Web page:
Home World Travel Close Brushes With Mother Nature

Close Brushes With Mother Nature

Photo by Leo Castillo

My nephew and I were swimming in the water a short distance away from our boat when a woman snorkeling not too far away from us suddenly surfaced and shrieked in terror. A whale shark was headed straight towards her, its faint outline gliding under the waves. I smiled knowing that whale sharks pose no threat to humans and feed almost exclusively on plankton. But when I dropped slightly underwater to snorkel and view the spectacle, I realized just how massive this animal is. No wonder that lady was frightened to death.

Whale shark viewed from our boat at Oslob, southern Cebu. whale shark. Photo by Leo Castillo.
Whale shark underwater. Photo by the National Oceanic and Atmospheric Administration (NOAA) on Unsplash.

In our travels we’ve had various encounters with natural phenomena some by design, others by accident. Some of these encounters should be approached with caution. Most of these were with members of the animal kingdom but experiences with uncooperative weather made for some memorable circumstances as well.

Clownfish in its sea anemone habitat. Photo by Zheng Wei Lim on Unsplash.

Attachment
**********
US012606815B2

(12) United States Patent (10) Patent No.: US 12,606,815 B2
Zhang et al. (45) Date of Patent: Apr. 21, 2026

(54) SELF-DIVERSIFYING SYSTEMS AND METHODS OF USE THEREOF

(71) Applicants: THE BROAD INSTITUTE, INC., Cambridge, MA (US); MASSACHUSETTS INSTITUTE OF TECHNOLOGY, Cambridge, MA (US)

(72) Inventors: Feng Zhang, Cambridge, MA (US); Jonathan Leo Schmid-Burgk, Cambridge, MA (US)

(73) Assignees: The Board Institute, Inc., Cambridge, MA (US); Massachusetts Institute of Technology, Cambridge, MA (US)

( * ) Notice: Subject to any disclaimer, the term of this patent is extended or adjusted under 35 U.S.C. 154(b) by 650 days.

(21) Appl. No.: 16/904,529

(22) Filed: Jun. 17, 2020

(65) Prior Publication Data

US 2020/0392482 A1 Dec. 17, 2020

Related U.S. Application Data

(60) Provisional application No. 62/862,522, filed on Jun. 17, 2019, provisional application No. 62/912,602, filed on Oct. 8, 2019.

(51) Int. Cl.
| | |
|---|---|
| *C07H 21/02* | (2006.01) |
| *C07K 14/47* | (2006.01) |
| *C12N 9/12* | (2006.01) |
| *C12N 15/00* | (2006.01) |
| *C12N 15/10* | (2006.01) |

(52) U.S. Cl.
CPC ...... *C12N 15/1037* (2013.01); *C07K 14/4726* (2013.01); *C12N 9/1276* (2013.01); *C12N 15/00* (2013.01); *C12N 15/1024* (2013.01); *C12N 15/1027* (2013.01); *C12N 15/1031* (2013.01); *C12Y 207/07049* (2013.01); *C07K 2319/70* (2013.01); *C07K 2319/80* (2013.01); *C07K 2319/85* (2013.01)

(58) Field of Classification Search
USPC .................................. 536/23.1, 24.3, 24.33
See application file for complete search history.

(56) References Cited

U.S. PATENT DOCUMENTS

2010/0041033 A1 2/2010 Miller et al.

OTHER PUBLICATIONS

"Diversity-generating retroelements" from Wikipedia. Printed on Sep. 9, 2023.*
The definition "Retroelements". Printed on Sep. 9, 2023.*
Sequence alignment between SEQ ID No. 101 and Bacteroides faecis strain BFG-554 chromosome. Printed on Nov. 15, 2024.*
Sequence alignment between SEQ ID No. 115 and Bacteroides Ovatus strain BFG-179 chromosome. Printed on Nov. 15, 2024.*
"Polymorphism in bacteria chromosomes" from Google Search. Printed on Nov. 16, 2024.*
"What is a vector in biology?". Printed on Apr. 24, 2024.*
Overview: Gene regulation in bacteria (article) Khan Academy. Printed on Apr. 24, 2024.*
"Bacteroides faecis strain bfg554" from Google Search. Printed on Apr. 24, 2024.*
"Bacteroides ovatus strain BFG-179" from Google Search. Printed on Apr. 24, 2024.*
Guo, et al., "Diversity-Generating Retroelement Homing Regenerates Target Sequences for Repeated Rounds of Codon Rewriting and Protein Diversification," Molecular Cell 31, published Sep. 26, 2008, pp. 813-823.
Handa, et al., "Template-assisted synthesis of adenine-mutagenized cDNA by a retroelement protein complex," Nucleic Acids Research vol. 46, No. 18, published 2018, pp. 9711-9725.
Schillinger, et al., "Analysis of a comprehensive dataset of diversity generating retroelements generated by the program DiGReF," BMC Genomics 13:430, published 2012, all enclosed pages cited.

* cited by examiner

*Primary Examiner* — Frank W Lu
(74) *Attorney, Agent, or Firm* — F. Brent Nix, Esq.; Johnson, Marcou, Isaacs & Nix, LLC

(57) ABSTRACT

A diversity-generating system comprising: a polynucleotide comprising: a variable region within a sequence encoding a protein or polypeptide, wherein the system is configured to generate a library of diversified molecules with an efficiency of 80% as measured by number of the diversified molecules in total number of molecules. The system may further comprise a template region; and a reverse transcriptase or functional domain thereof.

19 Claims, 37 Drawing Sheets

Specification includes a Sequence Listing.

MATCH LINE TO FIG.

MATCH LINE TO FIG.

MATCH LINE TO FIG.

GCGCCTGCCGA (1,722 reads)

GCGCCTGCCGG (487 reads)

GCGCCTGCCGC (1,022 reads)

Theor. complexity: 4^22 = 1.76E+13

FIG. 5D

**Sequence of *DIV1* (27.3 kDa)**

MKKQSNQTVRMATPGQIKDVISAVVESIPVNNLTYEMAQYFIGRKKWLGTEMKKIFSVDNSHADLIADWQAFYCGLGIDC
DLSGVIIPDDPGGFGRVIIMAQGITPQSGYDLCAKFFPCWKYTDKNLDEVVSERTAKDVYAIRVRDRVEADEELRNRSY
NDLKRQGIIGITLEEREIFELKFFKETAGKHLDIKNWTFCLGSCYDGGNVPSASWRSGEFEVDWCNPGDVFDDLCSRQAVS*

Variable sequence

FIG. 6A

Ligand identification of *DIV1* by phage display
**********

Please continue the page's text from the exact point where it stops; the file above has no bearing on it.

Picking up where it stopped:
In the past one of the things we always look forward to when visiting a beach or coastal destination is snorkeling and viewing colorful marine life. One of the prized sightings during these snorkeling adventures is that of a clownfish in its sea anemone habitat. However, we’ve learned not to get too close to them as it will immediately provoke an attack from these attractive but aggressive territorial fish. Clownfish will often bite your hand and though their teeth aren’t that sharp it can sometimes cause pain or even draw blood if the bite is deep.

The snorkeling site at Antonia Beach. Photo by Leo Castillo.

On a visit to Antonia Beach in Gigantes Sur Island, Carles, Iloilo, we chanced upon an excellent snorkeling site. One of the fishes there was quite aggressive, chasing away other fish that ventured into its territory. It was probably protecting its nest of eggs and when we approached it attacked us. Its bite wasn’t painful – it actually felt more ticklish than painful – but we decided to just avoid it.

Lion fish trapped in a tidal pool in Bolinao. Photo by Leo Castillo.

Some fish might not be aggressive but their bodies pack toxins that can do plenty of damage. We’ve read a lot about the colorful lionfish and its venom that can cause extreme pain, nausea, headache, dizziness and other troubling symptoms. It may even cause death to very young children, the elderly and those with allergies or weak immune systems. We never saw one when snorkeling but Leo saw one that was trapped in a tidal pool during a visit to a beach in Bolinao.

Top: still-alive pufferfish from Bolinao; Bottom: dead boxfish washed ashore at Kalanggaman Island, Palompon, Leyte.
Photo by Leo Castillo.